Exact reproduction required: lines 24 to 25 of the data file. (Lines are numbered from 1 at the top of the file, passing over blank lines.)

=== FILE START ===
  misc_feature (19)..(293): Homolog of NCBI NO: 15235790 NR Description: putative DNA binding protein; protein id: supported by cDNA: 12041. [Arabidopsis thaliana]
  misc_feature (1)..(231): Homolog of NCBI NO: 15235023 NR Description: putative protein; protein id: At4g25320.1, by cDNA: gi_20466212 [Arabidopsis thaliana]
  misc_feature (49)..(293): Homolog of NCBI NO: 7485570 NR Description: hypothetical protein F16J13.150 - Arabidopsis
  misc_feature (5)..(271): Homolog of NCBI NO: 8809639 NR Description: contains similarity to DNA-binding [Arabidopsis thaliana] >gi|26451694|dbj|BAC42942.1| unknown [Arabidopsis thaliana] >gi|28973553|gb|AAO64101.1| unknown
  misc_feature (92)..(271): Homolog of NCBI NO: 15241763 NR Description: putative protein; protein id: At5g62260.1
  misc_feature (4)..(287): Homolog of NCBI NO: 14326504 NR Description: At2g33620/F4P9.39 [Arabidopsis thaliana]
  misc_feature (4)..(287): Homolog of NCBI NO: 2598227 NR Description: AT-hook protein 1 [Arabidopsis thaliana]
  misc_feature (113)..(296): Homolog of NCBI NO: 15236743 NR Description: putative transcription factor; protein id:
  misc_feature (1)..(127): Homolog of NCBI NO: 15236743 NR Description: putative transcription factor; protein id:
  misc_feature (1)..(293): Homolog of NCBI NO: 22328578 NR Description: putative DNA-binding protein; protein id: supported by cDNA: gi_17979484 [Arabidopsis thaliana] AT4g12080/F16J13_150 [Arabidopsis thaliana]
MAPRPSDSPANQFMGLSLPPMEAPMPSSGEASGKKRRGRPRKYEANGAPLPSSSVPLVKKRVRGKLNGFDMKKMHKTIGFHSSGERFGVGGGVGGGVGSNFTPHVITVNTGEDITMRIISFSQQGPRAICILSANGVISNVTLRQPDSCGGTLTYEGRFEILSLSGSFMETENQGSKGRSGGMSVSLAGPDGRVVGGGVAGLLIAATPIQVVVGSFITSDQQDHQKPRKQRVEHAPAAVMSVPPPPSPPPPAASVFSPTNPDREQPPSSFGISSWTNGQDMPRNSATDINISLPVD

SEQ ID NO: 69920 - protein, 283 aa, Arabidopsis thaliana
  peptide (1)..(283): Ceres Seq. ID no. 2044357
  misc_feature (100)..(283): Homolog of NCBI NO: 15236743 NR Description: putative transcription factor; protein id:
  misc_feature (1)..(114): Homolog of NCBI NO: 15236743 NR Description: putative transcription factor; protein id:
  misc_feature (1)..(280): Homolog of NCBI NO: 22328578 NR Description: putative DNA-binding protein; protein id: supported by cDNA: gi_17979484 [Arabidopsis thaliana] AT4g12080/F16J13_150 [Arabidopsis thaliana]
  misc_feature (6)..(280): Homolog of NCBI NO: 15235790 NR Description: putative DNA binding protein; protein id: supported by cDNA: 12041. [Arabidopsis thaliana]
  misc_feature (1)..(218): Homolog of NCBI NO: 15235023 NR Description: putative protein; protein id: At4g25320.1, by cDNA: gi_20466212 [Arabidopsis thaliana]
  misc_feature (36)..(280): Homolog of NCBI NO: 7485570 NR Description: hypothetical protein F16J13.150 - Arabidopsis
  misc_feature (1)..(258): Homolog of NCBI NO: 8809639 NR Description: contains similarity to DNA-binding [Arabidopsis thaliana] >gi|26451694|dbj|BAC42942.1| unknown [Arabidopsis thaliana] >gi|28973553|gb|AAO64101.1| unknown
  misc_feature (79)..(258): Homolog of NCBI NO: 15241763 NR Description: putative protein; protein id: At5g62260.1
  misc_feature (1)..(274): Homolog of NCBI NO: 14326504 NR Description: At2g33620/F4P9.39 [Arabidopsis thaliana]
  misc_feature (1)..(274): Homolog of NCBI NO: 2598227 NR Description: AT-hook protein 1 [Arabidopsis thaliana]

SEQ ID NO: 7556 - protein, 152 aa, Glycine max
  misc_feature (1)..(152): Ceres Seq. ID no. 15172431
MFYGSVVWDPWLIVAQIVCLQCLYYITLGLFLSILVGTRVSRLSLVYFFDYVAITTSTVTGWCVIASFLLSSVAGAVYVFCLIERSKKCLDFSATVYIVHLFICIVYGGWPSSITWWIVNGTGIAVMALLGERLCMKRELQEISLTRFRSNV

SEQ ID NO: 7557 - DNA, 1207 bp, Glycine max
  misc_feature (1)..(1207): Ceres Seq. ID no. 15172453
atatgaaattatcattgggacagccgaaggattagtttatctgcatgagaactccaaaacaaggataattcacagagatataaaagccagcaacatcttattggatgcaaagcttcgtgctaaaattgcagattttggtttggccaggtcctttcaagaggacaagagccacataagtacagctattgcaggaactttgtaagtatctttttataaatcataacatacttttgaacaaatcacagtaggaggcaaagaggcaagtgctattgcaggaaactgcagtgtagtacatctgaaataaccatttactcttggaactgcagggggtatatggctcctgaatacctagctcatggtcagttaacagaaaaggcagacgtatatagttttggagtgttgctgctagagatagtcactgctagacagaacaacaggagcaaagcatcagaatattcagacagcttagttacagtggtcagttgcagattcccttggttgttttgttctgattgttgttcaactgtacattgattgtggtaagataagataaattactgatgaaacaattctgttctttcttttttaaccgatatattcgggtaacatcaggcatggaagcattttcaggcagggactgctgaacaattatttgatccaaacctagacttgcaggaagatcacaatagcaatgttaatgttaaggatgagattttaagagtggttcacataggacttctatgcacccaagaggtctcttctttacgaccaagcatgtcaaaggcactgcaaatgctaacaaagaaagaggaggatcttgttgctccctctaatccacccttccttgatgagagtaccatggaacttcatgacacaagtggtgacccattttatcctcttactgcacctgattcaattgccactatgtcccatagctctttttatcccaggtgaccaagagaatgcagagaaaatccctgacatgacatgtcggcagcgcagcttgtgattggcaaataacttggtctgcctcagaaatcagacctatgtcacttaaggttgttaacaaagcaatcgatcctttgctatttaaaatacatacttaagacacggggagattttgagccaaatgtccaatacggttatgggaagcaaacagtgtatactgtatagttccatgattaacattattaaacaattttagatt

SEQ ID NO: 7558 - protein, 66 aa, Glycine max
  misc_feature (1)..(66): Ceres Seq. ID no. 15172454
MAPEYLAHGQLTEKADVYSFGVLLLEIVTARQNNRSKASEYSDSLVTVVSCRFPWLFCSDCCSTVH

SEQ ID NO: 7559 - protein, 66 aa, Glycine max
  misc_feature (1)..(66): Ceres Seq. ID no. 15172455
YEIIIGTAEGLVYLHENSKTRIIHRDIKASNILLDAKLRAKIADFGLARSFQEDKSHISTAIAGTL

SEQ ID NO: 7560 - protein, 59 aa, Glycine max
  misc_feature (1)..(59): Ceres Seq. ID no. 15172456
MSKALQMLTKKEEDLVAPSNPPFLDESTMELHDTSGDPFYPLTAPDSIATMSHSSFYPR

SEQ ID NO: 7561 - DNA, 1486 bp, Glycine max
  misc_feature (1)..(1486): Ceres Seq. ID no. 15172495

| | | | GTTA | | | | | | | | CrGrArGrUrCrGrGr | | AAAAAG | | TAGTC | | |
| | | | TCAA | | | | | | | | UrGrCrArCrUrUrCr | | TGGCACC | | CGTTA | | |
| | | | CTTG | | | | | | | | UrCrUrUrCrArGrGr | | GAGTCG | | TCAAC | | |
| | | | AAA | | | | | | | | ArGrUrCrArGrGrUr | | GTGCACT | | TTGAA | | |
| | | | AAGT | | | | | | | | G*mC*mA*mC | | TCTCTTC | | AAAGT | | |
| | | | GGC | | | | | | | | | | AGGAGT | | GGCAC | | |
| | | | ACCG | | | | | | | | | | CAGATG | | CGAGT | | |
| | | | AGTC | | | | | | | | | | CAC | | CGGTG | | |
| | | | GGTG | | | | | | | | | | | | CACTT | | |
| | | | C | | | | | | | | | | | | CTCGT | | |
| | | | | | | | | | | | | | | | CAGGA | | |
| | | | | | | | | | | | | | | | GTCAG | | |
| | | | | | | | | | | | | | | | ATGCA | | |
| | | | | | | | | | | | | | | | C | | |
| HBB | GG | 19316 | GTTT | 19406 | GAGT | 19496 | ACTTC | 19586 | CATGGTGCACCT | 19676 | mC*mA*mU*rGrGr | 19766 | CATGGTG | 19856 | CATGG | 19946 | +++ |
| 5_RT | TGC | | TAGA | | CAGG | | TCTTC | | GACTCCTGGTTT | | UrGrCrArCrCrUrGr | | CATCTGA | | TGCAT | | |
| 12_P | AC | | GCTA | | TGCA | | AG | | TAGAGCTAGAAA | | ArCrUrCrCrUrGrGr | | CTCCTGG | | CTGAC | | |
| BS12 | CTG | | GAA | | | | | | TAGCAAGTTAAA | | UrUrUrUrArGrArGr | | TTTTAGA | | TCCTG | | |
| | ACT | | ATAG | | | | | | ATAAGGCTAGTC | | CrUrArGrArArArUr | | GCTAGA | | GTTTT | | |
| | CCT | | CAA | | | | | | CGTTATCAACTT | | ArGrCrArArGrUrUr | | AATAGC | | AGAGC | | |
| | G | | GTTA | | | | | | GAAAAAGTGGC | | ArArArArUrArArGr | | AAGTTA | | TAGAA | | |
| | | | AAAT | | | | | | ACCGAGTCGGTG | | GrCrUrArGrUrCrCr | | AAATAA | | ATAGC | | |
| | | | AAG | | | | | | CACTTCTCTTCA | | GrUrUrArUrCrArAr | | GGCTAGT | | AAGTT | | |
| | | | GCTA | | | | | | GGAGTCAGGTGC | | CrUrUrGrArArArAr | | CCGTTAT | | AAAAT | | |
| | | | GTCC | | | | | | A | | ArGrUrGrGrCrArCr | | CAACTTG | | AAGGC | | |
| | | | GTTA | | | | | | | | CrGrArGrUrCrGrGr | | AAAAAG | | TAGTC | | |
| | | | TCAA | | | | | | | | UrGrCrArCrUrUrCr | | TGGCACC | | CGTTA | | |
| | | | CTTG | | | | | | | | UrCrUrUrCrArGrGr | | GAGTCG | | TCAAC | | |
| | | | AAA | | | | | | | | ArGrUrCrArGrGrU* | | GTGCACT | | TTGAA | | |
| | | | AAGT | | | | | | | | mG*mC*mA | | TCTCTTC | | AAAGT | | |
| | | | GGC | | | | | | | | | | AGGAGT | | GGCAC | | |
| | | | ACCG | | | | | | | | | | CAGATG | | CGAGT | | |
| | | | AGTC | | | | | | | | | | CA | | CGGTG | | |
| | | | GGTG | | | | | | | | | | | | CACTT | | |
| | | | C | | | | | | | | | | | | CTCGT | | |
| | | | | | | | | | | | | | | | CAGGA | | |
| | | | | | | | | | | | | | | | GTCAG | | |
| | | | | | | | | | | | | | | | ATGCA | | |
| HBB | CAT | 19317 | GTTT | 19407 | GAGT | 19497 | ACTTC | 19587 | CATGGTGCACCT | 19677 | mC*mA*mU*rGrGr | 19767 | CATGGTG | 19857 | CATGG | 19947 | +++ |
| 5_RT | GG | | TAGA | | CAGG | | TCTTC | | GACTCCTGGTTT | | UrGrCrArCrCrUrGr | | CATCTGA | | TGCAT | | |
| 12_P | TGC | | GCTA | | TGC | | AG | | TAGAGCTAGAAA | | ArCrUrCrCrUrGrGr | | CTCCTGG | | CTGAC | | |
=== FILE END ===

SEQ ID NO: 7556 - protein, 152 aa, Glycine max
  misc_feature (1)..(152): Ceres Seq. ID no. 15172431